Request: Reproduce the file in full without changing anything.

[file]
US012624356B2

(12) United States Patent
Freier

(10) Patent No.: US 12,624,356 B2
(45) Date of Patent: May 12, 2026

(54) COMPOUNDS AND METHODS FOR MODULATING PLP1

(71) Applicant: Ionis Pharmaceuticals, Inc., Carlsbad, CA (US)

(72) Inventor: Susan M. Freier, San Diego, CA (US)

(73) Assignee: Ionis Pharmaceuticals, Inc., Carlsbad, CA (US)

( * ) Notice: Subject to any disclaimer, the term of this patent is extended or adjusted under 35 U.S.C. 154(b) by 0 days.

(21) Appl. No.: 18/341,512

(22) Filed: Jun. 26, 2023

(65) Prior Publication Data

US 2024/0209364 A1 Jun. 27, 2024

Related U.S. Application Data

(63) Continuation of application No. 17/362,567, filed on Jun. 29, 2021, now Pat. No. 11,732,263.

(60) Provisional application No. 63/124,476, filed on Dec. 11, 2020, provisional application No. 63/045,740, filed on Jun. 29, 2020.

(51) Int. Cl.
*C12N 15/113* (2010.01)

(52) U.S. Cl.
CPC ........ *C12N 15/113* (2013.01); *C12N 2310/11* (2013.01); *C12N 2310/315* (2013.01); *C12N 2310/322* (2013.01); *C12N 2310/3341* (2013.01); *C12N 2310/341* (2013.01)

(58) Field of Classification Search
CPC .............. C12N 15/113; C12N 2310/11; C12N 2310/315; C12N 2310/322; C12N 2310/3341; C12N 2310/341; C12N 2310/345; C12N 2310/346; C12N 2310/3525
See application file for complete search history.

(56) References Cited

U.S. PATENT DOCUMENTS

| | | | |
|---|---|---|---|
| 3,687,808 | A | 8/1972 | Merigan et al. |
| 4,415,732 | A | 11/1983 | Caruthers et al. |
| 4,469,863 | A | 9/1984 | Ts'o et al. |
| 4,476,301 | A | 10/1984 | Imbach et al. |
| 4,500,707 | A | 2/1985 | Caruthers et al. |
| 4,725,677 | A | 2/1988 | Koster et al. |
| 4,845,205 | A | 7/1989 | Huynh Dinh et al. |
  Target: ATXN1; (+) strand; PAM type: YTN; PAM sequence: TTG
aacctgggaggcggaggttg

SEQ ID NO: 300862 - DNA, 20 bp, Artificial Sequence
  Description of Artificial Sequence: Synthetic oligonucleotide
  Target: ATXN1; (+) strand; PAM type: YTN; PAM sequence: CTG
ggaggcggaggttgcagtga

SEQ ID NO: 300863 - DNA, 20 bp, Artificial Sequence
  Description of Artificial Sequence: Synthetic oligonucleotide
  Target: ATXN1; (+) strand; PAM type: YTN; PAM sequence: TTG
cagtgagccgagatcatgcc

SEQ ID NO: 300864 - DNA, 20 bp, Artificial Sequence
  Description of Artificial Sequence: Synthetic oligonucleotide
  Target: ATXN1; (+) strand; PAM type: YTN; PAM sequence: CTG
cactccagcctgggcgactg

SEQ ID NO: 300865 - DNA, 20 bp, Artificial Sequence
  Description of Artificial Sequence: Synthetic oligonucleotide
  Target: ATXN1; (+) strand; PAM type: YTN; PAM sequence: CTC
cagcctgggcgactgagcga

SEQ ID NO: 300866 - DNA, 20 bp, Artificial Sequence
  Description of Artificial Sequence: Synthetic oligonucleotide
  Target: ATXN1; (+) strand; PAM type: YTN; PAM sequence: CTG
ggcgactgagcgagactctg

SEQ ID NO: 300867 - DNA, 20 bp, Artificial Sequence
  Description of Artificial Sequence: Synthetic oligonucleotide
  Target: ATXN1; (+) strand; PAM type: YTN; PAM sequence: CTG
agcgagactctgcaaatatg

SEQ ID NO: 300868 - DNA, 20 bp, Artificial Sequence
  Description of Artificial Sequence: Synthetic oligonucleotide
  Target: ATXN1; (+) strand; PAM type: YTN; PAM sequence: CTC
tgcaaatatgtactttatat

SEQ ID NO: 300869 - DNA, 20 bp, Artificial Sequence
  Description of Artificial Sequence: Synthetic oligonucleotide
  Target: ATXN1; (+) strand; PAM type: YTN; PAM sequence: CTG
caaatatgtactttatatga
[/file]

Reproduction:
US012624356B2

(12) United States Patent
Freier

(10) Patent No.: US 12,624,356 B2
(45) Date of Patent: May 12, 2026

(54) COMPOUNDS AND METHODS FOR MODULATING PLP1

(71) Applicant: Ionis Pharmaceuticals, Inc., Carlsbad, CA (US)

(72) Inventor: Susan M. Freier, San Diego, CA (US)

(73) Assignee: Ionis Pharmaceuticals, Inc., Carlsbad, CA (US)

( * ) Notice: Subject to any disclaimer, the term of this patent is extended or adjusted under 35 U.S.C. 154(b) by 0 days.

(21) Appl. No.: 18/341,512

(22) Filed: Jun. 26, 2023

(65) Prior Publication Data

US 2024/0209364 A1 Jun. 27, 2024

Related U.S. Application Data

(63) Continuation of application No. 17/362,567, filed on Jun. 29, 2021, now Pat. No. 11,732,263.

(60) Provisional application No. 63/124,476, filed on Dec. 11, 2020, provisional application No. 63/045,740, filed on Jun. 29, 2020.

(51) Int. Cl.
*C12N 15/113* (2010.01)

(52) U.S. Cl.
CPC ........ *C12N 15/113* (2013.01); *C12N 2310/11* (2013.01); *C12N 2310/315* (2013.01); *C12N 2310/322* (2013.01); *C12N 2310/3341* (2013.01); *C12N 2310/341* (2013.01)

(58) Field of Classification Search
CPC .............. C12N 15/113; C12N 2310/11; C12N 2310/315; C12N 2310/322; C12N 2310/3341; C12N 2310/341; C12N 2310/345; C12N 2310/346; C12N 2310/3525
See application file for complete search history.

(56) References Cited

U.S. PATENT DOCUMENTS

| | | | |
|---|---|---|---|
| 3,687,808 | A | 8/1972 | Merigan et al. |
| 4,415,732 | A | 11/1983 | Caruthers et al. |
| 4,469,863 | A | 9/1984 | Ts'o et al. |
| 4,476,301 | A | 10/1984 | Imbach et al. |
| 4,500,707 | A | 2/1985 | Caruthers et al. |
| 4,725,677 | A | 2/1988 | Koster et al. |
| 4,845,205 | A | 7/1989 | Huynh Dinh et al. |
  Target: ATXN1; (+) strand; PAM type: YTN; PAM sequence: TTG
aacctgggaggcggaggttg

SEQ ID NO: 300862 - DNA, 20 bp, Artificial Sequence
  Description of Artificial Sequence: Synthetic oligonucleotide
  Target: ATXN1; (+) strand; PAM type: YTN; PAM sequence: CTG
ggaggcggaggttgcagtga

SEQ ID NO: 300863 - DNA, 20 bp, Artificial Sequence
  Description of Artificial Sequence: Synthetic oligonucleotide
  Target: ATXN1; (+) strand; PAM type: YTN; PAM sequence: TTG
cagtgagccgagatcatgcc

SEQ ID NO: 300864 - DNA, 20 bp, Artificial Sequence
  Description of Artificial Sequence: Synthetic oligonucleotide
  Target: ATXN1; (+) strand; PAM type: YTN; PAM sequence: CTG
cactccagcctgggcgactg

SEQ ID NO: 300865 - DNA, 20 bp, Artificial Sequence
  Description of Artificial Sequence: Synthetic oligonucleotide
  Target: ATXN1; (+) strand; PAM type: YTN; PAM sequence: CTC
cagcctgggcgactgagcga

SEQ ID NO: 300866 - DNA, 20 bp, Artificial Sequence
  Description of Artificial Sequence: Synthetic oligonucleotide
  Target: ATXN1; (+) strand; PAM type: YTN; PAM sequence: CTG
ggcgactgagcgagactctg

SEQ ID NO: 300867 - DNA, 20 bp, Artificial Sequence
  Description of Artificial Sequence: Synthetic oligonucleotide
  Target: ATXN1; (+) strand; PAM type: YTN; PAM sequence: CTG
agcgagactctgcaaatatg

SEQ ID NO: 300868 - DNA, 20 bp, Artificial Sequence
  Description of Artificial Sequence: Synthetic oligonucleotide
  Target: ATXN1; (+) strand; PAM type: YTN; PAM sequence: CTC
tgcaaatatgtactttatat

SEQ ID NO: 300869 - DNA, 20 bp, Artificial Sequence
  Description of Artificial Sequence: Synthetic oligonucleotide
  Target: ATXN1; (+) strand; PAM type: YTN; PAM sequence: CTG
caaatatgtactttatatga